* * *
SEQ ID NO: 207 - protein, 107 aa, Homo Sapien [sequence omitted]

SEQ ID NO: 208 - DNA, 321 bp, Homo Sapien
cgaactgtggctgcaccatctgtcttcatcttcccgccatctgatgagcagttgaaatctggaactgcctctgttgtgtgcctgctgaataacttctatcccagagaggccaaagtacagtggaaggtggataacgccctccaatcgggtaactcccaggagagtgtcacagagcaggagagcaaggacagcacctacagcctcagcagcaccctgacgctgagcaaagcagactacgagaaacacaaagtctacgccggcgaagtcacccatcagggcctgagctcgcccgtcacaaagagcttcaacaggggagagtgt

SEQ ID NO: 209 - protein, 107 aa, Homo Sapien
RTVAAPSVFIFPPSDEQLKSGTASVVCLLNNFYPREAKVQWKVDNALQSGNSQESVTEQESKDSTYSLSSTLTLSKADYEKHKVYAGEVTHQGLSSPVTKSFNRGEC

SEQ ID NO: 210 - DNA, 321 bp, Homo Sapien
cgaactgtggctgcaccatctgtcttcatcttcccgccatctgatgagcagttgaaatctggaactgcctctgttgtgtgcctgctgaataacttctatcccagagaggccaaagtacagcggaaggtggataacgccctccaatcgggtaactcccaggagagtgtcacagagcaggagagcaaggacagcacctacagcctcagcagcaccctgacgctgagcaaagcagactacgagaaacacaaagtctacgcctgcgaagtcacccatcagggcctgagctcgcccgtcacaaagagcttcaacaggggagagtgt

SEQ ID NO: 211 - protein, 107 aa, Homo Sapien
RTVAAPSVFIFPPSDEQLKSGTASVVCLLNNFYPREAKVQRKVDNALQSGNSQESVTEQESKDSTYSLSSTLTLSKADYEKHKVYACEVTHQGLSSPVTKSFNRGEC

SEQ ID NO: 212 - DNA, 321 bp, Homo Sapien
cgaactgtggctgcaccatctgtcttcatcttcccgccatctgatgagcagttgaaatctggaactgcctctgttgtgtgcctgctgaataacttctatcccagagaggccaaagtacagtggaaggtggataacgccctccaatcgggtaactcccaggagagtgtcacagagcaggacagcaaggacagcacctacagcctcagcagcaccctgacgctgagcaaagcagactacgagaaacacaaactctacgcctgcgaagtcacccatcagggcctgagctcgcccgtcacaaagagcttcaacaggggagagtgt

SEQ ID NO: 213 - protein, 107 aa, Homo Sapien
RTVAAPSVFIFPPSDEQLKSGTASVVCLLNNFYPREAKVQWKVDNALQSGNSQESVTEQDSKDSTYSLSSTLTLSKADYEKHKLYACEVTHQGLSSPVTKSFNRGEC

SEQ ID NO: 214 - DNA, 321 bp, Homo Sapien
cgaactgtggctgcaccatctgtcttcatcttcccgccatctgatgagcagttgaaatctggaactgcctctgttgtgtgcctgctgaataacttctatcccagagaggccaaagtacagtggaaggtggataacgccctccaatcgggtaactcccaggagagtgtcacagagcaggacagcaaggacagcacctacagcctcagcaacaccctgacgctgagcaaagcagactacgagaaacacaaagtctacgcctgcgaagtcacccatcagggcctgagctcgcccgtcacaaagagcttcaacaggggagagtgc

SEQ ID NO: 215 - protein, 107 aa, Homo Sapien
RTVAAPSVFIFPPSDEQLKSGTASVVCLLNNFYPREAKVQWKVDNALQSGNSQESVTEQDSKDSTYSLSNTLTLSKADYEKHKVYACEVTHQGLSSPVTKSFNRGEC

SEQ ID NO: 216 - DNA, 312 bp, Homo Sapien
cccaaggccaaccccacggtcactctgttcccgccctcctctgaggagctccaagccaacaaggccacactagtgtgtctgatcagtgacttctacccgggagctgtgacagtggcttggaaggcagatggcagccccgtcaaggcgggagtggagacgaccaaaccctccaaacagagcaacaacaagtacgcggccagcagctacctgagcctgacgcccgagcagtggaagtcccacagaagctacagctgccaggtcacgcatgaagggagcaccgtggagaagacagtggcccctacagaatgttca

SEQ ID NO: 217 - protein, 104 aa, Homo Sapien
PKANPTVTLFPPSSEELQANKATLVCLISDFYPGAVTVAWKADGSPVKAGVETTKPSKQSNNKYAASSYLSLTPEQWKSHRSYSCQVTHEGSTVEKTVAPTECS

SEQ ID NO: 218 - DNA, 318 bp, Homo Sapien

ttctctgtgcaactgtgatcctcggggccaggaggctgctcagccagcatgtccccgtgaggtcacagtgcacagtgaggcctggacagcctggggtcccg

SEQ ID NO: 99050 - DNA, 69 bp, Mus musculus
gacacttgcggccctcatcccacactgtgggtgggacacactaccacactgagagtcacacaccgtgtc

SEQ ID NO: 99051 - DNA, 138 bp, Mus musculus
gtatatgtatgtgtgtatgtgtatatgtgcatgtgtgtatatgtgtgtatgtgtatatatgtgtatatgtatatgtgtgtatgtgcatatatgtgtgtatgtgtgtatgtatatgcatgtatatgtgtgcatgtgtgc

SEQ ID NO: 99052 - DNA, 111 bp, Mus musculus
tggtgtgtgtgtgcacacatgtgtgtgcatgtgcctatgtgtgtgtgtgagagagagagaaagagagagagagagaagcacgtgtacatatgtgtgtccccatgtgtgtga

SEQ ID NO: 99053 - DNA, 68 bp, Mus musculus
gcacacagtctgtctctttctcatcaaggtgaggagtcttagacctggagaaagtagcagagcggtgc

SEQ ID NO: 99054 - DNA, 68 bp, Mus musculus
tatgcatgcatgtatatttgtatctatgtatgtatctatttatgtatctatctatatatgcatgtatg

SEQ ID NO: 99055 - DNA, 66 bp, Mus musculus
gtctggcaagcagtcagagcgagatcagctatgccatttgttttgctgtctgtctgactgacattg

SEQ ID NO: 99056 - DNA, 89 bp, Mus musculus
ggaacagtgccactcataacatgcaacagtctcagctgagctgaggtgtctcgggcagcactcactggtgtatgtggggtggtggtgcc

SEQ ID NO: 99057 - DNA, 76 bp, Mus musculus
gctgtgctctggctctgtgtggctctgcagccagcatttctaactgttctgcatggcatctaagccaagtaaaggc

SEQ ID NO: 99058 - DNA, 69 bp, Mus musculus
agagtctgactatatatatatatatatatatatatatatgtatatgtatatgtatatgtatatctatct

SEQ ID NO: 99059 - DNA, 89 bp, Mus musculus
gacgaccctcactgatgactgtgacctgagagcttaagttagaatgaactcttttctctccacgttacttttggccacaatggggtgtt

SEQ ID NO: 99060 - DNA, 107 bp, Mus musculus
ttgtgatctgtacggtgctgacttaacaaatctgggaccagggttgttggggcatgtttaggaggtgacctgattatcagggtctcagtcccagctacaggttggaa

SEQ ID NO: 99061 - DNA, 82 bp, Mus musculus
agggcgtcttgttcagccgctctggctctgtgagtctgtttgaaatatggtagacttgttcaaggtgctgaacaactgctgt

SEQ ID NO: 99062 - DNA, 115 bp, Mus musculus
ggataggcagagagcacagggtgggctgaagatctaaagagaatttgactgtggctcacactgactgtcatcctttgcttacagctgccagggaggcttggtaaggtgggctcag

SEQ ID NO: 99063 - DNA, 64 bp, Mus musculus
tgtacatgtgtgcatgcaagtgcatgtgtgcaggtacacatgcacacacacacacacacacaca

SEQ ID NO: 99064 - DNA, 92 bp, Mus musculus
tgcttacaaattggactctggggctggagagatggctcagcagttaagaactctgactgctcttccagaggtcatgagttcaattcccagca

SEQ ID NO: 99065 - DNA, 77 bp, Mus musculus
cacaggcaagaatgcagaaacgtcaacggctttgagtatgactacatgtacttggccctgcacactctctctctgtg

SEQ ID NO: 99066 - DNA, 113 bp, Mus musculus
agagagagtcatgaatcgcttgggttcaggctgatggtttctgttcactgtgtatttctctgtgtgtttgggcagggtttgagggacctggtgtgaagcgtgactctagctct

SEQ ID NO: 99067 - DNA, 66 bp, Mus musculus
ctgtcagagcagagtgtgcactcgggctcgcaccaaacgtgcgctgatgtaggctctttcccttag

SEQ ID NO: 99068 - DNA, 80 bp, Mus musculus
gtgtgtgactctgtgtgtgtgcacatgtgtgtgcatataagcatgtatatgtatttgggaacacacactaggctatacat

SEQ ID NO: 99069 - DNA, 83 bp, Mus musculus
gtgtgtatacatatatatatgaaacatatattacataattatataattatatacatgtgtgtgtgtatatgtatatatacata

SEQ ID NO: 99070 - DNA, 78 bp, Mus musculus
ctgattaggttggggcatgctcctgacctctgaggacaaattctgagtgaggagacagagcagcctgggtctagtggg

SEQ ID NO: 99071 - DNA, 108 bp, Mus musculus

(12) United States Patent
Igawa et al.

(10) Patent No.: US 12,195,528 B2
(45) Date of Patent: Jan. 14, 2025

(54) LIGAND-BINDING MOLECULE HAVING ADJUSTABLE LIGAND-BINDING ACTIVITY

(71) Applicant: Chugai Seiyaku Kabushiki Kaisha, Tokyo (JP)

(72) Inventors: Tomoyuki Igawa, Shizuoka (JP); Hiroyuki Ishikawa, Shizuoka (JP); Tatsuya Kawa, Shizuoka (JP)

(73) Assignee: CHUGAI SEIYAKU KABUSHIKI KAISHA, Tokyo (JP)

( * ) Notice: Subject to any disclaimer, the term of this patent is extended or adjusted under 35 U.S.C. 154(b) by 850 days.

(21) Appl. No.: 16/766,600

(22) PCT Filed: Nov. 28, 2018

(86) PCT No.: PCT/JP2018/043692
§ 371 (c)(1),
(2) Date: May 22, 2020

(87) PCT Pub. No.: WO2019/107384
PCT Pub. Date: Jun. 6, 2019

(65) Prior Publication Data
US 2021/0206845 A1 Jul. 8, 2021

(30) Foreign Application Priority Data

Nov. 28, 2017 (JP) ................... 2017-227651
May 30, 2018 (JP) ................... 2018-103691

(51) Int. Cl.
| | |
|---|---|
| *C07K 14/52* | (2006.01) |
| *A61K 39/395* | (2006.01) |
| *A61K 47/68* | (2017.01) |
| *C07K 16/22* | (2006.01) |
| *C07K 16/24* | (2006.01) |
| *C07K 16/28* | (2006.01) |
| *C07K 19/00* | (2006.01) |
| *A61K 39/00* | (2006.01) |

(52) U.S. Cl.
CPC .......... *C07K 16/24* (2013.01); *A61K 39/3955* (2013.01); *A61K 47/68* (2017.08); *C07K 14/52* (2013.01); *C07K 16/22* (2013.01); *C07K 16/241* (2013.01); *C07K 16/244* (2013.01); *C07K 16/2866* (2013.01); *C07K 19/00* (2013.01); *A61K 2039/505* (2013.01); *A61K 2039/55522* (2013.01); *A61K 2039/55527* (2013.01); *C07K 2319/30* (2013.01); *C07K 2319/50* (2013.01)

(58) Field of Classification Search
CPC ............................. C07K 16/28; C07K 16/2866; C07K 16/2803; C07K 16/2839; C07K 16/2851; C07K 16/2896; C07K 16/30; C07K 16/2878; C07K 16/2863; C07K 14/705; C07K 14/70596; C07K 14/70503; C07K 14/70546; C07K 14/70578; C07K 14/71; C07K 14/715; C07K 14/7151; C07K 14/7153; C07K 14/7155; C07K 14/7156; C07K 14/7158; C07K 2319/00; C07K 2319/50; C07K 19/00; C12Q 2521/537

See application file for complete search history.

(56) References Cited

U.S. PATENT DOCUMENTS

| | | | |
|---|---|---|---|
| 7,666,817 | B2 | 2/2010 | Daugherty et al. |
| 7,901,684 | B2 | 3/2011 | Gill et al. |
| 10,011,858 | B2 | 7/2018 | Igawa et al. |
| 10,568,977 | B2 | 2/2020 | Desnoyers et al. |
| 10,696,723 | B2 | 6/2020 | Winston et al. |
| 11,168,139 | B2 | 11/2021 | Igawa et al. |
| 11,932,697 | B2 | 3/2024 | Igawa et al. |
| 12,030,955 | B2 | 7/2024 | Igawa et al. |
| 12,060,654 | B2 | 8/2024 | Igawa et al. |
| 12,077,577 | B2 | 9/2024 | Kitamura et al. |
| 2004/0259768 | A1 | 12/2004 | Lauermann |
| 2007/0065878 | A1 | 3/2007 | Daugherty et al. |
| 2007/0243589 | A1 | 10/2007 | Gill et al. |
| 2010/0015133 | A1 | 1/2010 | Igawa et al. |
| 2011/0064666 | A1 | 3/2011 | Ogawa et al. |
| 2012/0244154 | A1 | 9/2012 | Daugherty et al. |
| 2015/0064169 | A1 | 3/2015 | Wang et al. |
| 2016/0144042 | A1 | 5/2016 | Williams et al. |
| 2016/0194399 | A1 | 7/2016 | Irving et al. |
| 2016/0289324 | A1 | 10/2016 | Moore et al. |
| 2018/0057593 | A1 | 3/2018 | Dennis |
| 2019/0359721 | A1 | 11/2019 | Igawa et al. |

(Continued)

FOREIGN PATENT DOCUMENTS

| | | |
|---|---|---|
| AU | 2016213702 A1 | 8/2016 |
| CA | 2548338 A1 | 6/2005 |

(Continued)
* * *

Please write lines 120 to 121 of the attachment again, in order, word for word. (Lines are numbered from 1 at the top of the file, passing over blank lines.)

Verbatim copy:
| 2007/0243589 | A1 | 10/2007 | Gill et al. |
| 2010/0015133 | A1 | 1/2010 | Igawa et al. |